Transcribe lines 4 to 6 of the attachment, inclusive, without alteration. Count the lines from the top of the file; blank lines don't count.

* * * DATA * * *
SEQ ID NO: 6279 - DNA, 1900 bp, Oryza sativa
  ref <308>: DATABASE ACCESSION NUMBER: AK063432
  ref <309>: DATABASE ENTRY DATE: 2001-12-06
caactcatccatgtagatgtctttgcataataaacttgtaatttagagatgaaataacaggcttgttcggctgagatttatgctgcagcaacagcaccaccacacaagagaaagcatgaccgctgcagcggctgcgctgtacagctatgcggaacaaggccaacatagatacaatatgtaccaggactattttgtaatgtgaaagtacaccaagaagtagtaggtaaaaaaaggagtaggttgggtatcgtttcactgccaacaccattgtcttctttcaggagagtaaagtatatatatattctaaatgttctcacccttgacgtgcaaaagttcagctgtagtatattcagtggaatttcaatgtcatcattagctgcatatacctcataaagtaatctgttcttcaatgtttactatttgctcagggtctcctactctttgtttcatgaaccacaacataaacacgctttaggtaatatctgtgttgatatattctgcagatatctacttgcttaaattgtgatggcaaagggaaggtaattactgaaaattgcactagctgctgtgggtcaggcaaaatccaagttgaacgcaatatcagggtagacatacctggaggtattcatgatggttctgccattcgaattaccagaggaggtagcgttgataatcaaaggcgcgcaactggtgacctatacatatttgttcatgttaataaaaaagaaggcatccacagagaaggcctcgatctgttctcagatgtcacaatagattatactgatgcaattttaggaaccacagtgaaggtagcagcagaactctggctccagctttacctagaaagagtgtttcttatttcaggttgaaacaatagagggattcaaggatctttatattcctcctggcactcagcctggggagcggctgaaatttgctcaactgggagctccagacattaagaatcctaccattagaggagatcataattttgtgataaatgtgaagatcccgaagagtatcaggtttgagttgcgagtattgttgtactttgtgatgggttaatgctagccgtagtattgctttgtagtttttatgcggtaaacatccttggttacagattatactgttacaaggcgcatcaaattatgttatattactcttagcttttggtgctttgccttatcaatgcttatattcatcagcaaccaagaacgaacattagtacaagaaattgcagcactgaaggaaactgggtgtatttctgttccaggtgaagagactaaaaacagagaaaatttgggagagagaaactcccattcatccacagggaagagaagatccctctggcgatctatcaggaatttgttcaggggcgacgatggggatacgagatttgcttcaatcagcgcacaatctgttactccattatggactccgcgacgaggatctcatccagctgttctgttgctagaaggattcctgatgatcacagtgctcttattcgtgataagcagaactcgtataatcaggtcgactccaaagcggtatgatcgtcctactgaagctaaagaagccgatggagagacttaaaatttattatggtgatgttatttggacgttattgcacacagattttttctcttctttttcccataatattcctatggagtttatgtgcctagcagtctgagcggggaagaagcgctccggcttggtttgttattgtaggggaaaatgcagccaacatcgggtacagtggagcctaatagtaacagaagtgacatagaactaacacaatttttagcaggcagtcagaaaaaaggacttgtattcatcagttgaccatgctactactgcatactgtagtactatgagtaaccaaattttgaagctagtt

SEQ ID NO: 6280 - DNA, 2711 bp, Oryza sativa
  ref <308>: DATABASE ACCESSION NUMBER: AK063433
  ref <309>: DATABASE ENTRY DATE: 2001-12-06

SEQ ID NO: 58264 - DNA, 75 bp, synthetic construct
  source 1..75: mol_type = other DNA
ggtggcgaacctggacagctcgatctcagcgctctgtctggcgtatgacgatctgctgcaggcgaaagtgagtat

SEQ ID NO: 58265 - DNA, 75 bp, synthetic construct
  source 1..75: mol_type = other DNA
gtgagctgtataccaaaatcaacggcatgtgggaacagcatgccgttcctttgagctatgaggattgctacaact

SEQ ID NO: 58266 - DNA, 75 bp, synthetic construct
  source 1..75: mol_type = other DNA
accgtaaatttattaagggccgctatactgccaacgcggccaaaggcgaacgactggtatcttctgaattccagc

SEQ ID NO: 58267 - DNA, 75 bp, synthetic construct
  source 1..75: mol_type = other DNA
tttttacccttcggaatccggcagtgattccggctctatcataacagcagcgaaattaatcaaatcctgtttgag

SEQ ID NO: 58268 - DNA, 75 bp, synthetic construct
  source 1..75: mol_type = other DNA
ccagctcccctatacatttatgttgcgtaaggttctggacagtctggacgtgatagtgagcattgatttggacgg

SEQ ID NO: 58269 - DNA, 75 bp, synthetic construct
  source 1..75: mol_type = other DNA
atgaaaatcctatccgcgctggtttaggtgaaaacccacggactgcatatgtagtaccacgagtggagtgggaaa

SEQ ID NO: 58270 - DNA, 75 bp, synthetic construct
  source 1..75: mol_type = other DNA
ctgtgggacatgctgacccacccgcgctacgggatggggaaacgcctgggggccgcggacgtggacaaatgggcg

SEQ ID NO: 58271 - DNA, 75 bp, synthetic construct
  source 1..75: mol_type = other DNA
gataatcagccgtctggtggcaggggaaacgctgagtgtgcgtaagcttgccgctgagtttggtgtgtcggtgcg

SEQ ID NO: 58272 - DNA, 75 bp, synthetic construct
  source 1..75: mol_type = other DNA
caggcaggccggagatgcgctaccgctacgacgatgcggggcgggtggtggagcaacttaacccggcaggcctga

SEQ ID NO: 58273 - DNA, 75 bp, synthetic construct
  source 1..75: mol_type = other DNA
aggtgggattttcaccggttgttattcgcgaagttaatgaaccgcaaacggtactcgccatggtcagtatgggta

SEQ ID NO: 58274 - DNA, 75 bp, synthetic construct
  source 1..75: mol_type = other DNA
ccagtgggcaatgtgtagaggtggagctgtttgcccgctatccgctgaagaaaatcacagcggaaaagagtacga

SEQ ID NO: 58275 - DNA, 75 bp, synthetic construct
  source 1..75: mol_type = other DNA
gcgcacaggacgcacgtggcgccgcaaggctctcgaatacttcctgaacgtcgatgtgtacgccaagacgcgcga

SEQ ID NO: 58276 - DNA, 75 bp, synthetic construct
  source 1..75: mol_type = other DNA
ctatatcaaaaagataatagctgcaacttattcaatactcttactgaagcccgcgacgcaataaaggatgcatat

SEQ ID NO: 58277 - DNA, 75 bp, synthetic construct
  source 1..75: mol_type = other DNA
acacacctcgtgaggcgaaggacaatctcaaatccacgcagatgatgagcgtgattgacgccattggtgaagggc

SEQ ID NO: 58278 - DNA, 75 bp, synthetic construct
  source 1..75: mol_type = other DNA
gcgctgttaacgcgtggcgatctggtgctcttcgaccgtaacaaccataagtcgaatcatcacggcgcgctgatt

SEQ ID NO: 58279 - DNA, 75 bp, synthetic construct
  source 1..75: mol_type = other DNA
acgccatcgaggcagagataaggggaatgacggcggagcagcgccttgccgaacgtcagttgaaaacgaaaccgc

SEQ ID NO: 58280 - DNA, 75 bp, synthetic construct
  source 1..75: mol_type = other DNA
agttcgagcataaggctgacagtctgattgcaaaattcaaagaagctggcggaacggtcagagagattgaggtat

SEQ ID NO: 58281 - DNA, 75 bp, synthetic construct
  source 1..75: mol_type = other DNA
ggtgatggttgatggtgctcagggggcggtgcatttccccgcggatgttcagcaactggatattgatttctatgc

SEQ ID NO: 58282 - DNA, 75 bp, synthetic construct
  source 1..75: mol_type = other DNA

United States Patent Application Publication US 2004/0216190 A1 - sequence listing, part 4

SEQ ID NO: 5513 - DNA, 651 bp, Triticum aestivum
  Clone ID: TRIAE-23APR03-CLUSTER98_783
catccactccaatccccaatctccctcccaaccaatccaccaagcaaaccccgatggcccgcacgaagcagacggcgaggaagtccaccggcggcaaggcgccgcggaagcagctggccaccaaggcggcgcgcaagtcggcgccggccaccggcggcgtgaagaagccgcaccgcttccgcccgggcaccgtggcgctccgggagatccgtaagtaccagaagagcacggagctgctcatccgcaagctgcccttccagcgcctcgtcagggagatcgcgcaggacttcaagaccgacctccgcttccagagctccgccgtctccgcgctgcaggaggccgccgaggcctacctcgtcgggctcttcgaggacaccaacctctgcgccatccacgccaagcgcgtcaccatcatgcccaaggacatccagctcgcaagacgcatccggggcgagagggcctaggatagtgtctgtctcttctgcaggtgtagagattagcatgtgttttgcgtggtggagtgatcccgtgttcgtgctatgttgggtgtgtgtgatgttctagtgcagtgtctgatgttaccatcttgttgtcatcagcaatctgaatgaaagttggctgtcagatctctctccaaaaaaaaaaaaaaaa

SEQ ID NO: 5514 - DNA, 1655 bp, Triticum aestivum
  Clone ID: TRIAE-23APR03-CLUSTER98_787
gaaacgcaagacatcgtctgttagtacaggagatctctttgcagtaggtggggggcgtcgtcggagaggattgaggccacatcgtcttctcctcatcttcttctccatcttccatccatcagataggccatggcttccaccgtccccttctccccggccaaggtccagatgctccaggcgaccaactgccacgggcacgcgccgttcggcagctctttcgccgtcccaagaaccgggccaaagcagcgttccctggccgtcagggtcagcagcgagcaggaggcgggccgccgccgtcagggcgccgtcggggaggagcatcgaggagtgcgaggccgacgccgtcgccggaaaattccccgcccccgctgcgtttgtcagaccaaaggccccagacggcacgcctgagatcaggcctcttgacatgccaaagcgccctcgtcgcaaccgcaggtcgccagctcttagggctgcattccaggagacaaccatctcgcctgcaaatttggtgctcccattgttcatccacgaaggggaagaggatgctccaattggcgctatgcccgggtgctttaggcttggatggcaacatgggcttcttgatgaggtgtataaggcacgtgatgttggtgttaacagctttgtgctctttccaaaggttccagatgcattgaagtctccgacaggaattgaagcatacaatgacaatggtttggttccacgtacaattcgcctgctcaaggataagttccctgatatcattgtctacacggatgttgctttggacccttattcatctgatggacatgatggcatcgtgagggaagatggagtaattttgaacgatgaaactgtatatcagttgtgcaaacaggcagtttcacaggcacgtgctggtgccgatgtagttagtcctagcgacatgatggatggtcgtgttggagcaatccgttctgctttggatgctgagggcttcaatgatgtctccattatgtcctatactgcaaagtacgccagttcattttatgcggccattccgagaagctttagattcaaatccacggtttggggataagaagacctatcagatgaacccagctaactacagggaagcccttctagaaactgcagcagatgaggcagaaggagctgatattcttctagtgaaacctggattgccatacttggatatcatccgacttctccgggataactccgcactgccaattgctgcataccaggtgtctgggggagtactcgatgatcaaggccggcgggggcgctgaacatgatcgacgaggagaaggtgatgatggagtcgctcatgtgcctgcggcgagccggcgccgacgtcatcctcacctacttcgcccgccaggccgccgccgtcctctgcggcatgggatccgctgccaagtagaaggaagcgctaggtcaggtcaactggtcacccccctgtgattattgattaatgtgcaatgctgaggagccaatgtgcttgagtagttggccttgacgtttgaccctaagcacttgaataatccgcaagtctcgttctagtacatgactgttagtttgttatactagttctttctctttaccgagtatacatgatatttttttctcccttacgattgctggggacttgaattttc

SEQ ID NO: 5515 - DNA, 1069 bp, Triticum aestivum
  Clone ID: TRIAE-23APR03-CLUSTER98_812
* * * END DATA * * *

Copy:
caactcatccatgtagatgtctttgcataataaacttgtaatttagagatgaaataacaggcttgttcggctgagatttatgctgcagcaacagcaccaccacacaagagaaagcatgaccgctgcagcggctgcgctgtacagctatgcggaacaaggccaacatagatacaatatgtaccaggactattttgtaatgtgaaagtacaccaagaagtagtaggtaaaaaaaggagtaggttgggtatcgtttcactgccaacaccattgtcttctttcaggagagtaaagtatatatatattctaaatgttctcacccttgacgtgcaaaagttcagctgtagtatattcagtggaatttcaatgtcatcattagctgcatatacctcataaagtaatctgttcttcaatgtttactatttgctcagggtctcctactctttgtttcatgaaccacaacataaacacgctttaggtaatatctgtgttgatatattctgcagatatctacttgcttaaattgtgatggcaaagggaaggtaattactgaaaattgcactagctgctgtgggtcaggcaaaatccaagttgaacgcaatatcagggtagacatacctggaggtattcatgatggttctgccattcgaattaccagaggaggtagcgttgataatcaaaggcgcgcaactggtgacctatacatatttgttcatgttaataaaaaagaaggcatccacagagaaggcctcgatctgttctcagatgtcacaatagattatactgatgcaattttaggaaccacagtgaaggtagcagcagaactctggctccagctttacctagaaagagtgtttcttatttcaggttgaaacaatagagggattcaaggatctttatattcctcctggcactcagcctggggagcggctgaaatttgctcaactgggagctccagacattaagaatcctaccattagaggagatcataattttgtgataaatgtgaagatcccgaagagtatcaggtttgagttgcgagtattgttgtactttgtgatgggttaatgctagccgtagtattgctttgtagtttttatgcggtaaacatccttggttacagattatactgttacaaggcgcatcaaattatgttatattactcttagcttttggtgctttgccttatcaatgcttatattcatcagcaaccaagaacgaacattagtacaagaaattgcagcactgaaggaaactgggtgtatttctgttccaggtgaagagactaaaaacagagaaaatttgggagagagaaactcccattcatccacagggaagagaagatccctctggcgatctatcaggaatttgttcaggggcgacgatggggatacgagatttgcttcaatcagcgcacaatctgttactccattatggactccgcgacgaggatctcatccagctgttctgttgctagaaggattcctgatgatcacagtgctcttattcgtgataagcagaactcgtataatcaggtcgactccaaagcggtatgatcgtcctactgaagctaaagaagccgatggagagacttaaaatttattatggtgatgttatttggacgttattgcacacagattttttctcttctttttcccataatattcctatggagtttatgtgcctagcagtctgagcggggaagaagcgctccggcttggtttgttattgtaggggaaaatgcagccaacatcgggtacagtggagcctaatagtaacagaagtgacatagaactaacacaatttttagcaggcagtcagaaaaaaggacttgtattcatcagttgaccatgctactactgcatactgtagtactatgagtaaccaaattttgaagctagtt

SEQ ID NO: 6280 - DNA, 2711 bp, Oryza sativa
  ref <308>: DATABASE ACCESSION NUMBER: AK063433